Cuba Still Mum on Travel Insurance

By Circles Robinson

HAVANA TIMES, April 1 — Cuban tourism and health authorities continue to keep potential visitors to the island in the dark about a new travel insurance requirement that takes effect on May 1.

It was announced several weeks ago that visitors, including Cubans living abroad, must either possess a travel health insurance policy with a foreign company approved by Cuba or purchase coverage from a Cuban firm.

Most Havana Times readers agree that a tourist should have health insurance for any treatment needed as a visitor to Cuba, that’s not the issue. However, a lack of information has some people reconsidering their vacations to the island.

The concern is over the lack of information about what foreign companies will be approved and/or the logistics and expense of buying a Cuban travel policy upon arrival. These details have not been forthcoming, creating uncertainty in a competitive tourism industry market.

Read our previous posts on the subject:
Cuba Imposes Health Insurance on Visitors

Cuba Health Travel Insurance Question

9 thoughts on “Cuba Still Mum on Travel Insurance

  • can you please provide me with the insurance companys on the list of approved firms for Cuba.

    thank you

  • As soon as we see the list we will post it.

  • Please let me know if the list of approved insurance companies have beed issued by Cuban autorities yet .I have my trip booked May 7th and concern it my insurance company is a part of approved list .

  • We are still waiting for the Cuban authorities to provide the list. When they do we will post immediately.

  • In regards to this new medical insurance that is going to be required to enter into cuba. Are you going to list valid Canadian Insurance Companies that cuba does reconize.

  • I have on one occasion used the excellent services of a Cuban Doctor, including being given an intravenous injection by his nurse. The account was for 56 CUC’s. I had for many years paid an annual premium to the best known travel insurance company in Canada, one that is related to my bank. Although submitting the original account and the excange note from the Cadeca at Jose Marti Airport, the insurance company tried to short change me by $13.68. A lesson in how to lose a good client! But, my premium was well above $2.50 per day (I have excellent health). Let’s face it, travel insurance is VERY profitable and can we really blame Cuba for belatedly jumping on that bandwagon? In 2009 I spent a total of 71 days in Cuba, so the premiums charged by Cuba, would I believe total $178. Do I like it? No! But, it is less than that charged by my former insurance company. Maybe all travellers should campaign against insurance companies rates!

  • I have organized about 15 study trips to Cuba for groups with up to 34 people. Most of them already has a medical insurance included in their general insurance. If not, they purchase it when buying the flight ticket. Those (very few) who have had to have medical attention in Cuba have paid the bill, the Cuban doctor has signed the form from insurance company and back in Sweden they have got the money back. I think this is how it works for most tourist so instead of complicating things it is just to demand from the visitor that he is insured, like you have to have a visa.But if the real reason for introducing aCuban insurance is a “snatch the cash” as Charles Loman says I think this will have a negative effect on tourism to Cuba. It´s an expensive country for tourist already today.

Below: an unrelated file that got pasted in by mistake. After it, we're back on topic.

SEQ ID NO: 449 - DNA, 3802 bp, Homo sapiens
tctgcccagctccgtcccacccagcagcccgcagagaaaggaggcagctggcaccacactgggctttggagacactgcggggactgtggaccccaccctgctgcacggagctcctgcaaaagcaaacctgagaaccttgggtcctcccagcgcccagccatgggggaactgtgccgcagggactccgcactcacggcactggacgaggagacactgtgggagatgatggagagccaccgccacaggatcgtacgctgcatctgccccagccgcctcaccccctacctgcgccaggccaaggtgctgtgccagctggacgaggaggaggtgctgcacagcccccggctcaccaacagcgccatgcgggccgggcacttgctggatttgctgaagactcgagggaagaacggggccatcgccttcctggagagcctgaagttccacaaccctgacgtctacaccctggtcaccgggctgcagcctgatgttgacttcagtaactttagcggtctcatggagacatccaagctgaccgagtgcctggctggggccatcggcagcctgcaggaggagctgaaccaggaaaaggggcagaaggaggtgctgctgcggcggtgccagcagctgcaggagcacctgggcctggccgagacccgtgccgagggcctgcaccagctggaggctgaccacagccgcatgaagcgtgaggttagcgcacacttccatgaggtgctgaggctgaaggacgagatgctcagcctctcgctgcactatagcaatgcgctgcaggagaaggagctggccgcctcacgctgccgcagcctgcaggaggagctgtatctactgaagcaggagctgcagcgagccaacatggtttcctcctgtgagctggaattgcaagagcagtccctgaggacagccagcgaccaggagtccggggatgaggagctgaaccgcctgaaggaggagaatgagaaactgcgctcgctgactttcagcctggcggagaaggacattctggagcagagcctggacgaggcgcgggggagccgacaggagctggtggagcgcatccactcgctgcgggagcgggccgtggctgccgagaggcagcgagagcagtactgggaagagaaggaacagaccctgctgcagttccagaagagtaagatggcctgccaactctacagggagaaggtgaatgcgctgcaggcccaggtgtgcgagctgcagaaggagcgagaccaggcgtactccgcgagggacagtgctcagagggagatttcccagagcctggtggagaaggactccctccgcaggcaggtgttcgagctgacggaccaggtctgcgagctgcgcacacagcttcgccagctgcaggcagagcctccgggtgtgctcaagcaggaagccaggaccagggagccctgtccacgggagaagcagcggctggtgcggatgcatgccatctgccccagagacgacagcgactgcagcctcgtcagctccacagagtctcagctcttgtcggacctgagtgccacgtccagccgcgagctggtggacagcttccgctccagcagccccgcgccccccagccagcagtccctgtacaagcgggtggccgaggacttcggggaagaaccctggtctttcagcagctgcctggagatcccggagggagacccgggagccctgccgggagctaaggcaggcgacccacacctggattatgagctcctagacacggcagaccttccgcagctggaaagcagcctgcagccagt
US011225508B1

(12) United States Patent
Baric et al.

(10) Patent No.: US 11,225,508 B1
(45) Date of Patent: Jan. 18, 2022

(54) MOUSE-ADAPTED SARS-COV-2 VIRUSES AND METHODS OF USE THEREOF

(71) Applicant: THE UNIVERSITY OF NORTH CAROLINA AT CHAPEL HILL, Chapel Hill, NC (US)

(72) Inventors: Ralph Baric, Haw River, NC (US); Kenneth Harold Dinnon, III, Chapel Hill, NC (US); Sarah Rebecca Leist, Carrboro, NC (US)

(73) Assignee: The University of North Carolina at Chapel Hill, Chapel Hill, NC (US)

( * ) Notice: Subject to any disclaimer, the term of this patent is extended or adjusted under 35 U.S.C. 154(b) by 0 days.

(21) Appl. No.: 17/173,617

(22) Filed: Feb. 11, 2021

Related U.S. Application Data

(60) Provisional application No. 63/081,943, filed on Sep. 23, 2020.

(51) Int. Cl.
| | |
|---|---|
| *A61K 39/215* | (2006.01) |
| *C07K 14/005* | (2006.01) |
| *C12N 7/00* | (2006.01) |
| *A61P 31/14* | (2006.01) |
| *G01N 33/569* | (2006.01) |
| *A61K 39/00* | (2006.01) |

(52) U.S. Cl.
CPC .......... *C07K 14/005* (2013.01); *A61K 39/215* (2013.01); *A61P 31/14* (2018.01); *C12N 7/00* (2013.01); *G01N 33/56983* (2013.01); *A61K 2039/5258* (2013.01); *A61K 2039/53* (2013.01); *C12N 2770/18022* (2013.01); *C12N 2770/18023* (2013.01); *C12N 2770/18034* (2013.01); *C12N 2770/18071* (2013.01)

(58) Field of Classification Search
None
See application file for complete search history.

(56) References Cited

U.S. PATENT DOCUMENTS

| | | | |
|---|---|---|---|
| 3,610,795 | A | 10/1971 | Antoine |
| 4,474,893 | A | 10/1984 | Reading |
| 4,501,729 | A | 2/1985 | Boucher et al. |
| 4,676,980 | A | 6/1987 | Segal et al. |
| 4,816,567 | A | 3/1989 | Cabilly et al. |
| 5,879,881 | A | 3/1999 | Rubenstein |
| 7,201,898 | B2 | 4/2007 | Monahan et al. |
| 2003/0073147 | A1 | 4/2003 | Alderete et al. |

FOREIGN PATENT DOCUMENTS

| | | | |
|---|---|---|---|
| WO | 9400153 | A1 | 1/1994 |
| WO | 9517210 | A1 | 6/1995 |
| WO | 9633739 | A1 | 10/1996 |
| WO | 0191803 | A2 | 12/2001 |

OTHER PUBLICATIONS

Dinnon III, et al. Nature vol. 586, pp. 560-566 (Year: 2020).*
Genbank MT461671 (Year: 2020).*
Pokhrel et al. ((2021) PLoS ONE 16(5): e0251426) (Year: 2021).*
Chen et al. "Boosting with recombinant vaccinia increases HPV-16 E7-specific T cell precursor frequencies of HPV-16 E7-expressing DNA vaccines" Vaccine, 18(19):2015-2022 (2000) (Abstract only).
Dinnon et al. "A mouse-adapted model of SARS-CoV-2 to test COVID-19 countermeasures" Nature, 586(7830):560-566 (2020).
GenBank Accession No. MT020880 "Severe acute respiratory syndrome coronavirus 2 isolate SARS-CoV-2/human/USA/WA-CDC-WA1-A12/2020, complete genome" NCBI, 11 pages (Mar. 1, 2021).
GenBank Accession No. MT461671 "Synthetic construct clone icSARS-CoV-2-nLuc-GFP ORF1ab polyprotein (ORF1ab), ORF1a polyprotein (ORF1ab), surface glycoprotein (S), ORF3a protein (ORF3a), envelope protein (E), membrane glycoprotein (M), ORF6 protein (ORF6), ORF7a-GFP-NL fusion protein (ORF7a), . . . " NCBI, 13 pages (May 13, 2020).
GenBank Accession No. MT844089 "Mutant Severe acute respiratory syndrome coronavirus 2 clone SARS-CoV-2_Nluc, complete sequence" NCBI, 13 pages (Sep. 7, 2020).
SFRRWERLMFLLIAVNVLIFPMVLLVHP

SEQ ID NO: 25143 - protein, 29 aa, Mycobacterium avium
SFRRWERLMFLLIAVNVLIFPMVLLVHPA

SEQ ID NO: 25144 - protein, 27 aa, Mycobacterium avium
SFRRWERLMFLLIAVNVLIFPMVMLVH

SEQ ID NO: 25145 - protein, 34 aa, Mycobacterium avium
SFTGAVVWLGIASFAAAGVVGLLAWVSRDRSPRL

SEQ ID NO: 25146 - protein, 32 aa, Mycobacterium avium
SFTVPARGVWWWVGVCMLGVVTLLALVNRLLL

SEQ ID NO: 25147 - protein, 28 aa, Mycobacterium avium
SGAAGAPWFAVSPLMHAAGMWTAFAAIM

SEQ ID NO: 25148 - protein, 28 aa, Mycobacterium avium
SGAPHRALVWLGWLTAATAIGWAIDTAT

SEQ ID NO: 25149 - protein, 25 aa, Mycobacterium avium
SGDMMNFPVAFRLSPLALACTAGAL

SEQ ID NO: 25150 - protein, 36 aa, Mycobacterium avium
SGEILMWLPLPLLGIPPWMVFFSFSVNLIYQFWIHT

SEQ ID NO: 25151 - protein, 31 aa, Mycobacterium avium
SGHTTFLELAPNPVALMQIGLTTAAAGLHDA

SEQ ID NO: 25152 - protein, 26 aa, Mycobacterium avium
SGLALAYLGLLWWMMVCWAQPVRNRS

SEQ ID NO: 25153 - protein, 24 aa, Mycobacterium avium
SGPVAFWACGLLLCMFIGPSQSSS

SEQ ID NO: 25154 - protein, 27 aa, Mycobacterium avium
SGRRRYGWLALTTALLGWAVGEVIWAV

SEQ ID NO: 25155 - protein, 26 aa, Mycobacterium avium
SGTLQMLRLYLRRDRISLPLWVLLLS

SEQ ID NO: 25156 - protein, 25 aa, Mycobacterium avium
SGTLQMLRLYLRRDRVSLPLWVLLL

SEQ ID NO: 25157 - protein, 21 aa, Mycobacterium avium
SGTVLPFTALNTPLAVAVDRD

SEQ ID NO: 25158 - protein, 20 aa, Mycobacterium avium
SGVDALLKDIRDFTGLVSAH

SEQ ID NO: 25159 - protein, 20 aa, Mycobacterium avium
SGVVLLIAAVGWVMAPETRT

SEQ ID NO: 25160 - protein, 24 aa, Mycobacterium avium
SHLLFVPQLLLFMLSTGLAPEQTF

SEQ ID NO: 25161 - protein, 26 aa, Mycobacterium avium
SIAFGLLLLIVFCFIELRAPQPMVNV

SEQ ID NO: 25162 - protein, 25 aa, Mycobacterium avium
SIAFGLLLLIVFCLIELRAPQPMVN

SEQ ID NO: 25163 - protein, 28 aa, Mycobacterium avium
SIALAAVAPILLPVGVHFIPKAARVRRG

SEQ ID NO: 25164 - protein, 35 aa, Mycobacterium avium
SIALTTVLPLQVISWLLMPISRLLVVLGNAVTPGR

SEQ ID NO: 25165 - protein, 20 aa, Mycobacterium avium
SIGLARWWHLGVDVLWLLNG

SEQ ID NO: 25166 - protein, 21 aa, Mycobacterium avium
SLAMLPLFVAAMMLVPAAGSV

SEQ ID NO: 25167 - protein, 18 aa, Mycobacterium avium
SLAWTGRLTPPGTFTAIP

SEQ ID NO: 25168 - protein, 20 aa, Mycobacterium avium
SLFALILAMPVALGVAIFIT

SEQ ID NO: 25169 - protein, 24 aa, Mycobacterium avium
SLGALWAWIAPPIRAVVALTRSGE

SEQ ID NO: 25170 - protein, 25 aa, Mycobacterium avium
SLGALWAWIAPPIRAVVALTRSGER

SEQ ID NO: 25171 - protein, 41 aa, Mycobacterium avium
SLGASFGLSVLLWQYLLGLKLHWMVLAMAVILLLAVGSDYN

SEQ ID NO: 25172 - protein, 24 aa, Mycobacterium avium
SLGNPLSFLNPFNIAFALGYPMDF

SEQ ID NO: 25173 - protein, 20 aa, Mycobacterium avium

• In our many trips to Cuba our family has always been insured. Initially it was through my employer but now that I’m retired I purchase an annual, 1-year policy allowing us unlimited 2-week trips. The coverage is resonable in cost and well over the top in coverage. Travel to the US has always been my main concern, but it covers us anywhere.

    If Cuba is going to insist on coverage from “approved” insurers, then we need to see the list as soon as possible. I cannot afford to buy separate coverage, just because my very reputable insurer is not on some list.

    Perhaps Cuba should dispense with the list and simply accept coverage from insurers belonging to some reputable travel industry group.

  • This ploy is typical of Cuban inefficiency, as the government attempts, yet again, to “snatch the cash.”

    If this is not a scam, then, why is the Cuban government doing this? Who has travelled to Cuba and has not paid his bill, when he needed medical attention?

    Jessica Pallario a SUNWING representative writes:

    “We still haven’t received official notice from the Cuban tourism officials for the time being, it’s our understanding the Cuban Government is planning to introduce a legislative policy that all foreign visitors to Cuba, upon arrival, must produce proof of purchase of a valid travel medical insurance policy. It is also our understanding that should passengers not be in possession of a policy purchased through a recognized insurance provider, they will be permitted to purchase one at the airport in Cuba upon arrival.” (March 30, 2010).

    Who will be the arbiter of what companies will be recognized? Who among the Cuban government has travelled to other…

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